"Obama's An Idiot" is where my political bitches now live. Go ye thereto and read.

Friday, January 06, 2006

More Big Brother

I posted about this back in March. At least my home state passed a law which lets me decide whether to let them have the info or not.

From USA Today:
It's common knowledge that airplanes have 'black boxes' that record flight data so safety experts can reconstruct what went wrong after an accident. But few motorists are aware that their late-model cars contain similar devices - and that police and insurers might use the data against them.

Six states (Arkansas, California, Nevada, New York, North Dakota and Texas) have recently passed laws requiring that automakers notify motorists of the devices, known as event data recorders (EDRs), and limiting access to them. Nevada's law, which took effect Jan. 1, requires the owner's permission before data can be retrieved.
Thank the gods. If I could remove it without disabling my vehicle, I would.
In the absence of any federal guidelines, the states are wise to set some parameters. The devices, the size of a pack of cigarettes, are in more than 70% of all new passenger vehicles, foreign and domestic. The National Transportation Safety Board (NTSB) wants them in every new car sold in America, but that fortunately hasn't yet happened because of privacy concerns.

EDRs monitor speed, braking, seat-belt use, steering and more. Ideally, the data can sort out responsibility for accidents and lead to improved vehicle design.
Here's a more complete list of what they monitor. And this list is some highlites:
  • Vehicle speed (five seconds before impact)
  • Engine speed (five seconds before impact)
  • Brake status (five seconds before impact)
  • Throttle position (five seconds before impact)
  • State of driver's seat belt switch (On/Off)
  • Passenger's airbag (On/Off)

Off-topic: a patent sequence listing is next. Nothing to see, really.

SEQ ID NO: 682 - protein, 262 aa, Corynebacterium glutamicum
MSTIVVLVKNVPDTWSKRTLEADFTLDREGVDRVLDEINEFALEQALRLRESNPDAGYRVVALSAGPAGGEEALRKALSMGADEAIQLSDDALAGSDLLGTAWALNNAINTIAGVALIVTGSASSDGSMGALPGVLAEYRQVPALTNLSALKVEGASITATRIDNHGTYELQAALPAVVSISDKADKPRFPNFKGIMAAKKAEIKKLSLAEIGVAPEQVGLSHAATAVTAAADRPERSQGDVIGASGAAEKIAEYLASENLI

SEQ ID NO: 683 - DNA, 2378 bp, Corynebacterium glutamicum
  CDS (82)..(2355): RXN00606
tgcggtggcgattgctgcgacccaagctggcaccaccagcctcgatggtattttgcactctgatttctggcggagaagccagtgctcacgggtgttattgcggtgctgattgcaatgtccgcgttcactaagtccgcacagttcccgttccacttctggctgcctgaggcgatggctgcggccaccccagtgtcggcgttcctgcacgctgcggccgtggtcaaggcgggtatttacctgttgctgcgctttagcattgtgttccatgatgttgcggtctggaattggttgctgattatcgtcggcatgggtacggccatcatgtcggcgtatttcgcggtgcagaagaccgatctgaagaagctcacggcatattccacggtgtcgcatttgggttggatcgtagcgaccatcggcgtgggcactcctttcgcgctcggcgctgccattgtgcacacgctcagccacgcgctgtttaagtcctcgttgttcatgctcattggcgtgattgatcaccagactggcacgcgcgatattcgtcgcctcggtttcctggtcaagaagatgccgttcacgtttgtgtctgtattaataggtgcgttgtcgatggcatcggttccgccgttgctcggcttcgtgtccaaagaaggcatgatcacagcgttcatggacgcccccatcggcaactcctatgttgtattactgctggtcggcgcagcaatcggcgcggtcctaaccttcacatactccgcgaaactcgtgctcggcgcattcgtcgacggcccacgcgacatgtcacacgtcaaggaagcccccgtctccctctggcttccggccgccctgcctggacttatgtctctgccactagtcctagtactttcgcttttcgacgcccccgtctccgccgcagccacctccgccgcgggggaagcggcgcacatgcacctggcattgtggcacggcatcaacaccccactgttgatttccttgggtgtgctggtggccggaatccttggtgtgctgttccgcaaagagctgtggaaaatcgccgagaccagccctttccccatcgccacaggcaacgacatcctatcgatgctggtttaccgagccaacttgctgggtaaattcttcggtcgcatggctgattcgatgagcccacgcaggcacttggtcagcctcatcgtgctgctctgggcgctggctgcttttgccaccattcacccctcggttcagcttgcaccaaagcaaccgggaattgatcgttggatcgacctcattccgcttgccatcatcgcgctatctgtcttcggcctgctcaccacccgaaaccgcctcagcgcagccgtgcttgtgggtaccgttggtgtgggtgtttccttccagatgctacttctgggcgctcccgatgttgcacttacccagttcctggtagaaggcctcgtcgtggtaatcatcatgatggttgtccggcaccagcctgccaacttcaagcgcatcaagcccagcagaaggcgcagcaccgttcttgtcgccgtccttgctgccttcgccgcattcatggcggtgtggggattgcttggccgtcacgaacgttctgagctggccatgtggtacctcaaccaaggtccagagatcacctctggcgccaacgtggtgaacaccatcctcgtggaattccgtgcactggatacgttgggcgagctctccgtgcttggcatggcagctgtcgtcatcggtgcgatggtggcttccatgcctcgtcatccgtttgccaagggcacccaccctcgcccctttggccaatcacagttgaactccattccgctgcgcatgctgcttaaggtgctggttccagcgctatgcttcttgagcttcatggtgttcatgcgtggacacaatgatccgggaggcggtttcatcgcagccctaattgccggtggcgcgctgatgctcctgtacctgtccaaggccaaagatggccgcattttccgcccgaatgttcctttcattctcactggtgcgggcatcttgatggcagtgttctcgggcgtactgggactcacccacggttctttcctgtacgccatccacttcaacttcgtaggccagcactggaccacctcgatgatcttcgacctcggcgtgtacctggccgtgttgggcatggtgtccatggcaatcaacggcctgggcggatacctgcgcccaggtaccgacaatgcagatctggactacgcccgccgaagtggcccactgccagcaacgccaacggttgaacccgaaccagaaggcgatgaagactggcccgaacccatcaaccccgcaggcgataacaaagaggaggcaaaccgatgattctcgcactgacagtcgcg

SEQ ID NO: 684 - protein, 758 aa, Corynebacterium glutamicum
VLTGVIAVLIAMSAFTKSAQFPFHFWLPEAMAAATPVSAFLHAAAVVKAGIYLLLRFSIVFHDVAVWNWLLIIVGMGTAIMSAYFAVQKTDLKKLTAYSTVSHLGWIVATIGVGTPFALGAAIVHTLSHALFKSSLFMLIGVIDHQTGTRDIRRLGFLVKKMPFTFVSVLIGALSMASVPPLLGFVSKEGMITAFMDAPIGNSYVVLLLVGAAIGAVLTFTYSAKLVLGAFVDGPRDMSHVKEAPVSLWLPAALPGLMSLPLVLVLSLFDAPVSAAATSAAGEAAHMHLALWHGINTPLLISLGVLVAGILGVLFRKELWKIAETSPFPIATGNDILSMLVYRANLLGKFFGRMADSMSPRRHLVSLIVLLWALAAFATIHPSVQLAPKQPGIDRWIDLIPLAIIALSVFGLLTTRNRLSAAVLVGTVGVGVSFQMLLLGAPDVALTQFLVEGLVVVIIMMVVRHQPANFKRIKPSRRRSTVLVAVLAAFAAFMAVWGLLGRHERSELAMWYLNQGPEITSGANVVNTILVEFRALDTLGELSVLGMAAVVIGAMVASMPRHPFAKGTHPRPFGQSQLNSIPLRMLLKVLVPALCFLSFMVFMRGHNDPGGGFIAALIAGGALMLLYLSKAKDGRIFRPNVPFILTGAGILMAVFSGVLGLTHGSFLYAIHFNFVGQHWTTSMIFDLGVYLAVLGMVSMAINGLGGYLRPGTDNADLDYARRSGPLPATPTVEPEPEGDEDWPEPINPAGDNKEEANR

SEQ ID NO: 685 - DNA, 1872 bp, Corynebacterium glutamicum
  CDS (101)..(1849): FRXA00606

• IR Warning Lamp status (On/Off)
  • Time from vehicle impact to airbag deployment
  • Ignition cycle count at event time
  • Ignition cycle count at investigation
  • Maximum velocity for near-deployment event
  • Velocity vs. time for frontal airbag deployment event
  • Time from vehicle impact to time of maximum velocity
  • Time between near-deploy and deploy event (if within five seconds)
But will police download the data to assign blame after a crash? Can auto insurers use the information to raise premiums or cancel policies? Will lawyers demand access in order to sue you or others? The answers are unclear. Few guidelines exist over who owns the data, and court rulings vary.
The answers are unclear? Are you fucking serious? Damn right they'll use the data. Especially insurance companies. They are all too happy to drop you at a moments notice if it's going to cost them money.
With the spread of the devices and NTSB's pressure to mandate them, it's time for the federal government to establish reasonable rules so that all motorists are informed of the devices' presence and who owns them.

EDRs can lead to safety improvements. But it's wrong to demand that motorists ride with a silent snitch under the hood.
Goddamn right it is.

It didn't take much Googling to find out where the one in my Chevy is. You may want to do the same. And find out the privacy rights in your state.

2 comments:

Peggasus said...

That's some scary shit.

Wasn't 1984 like, 22 years ago?

curmudgeon said...

Even worse as the years go by I think.
Ick.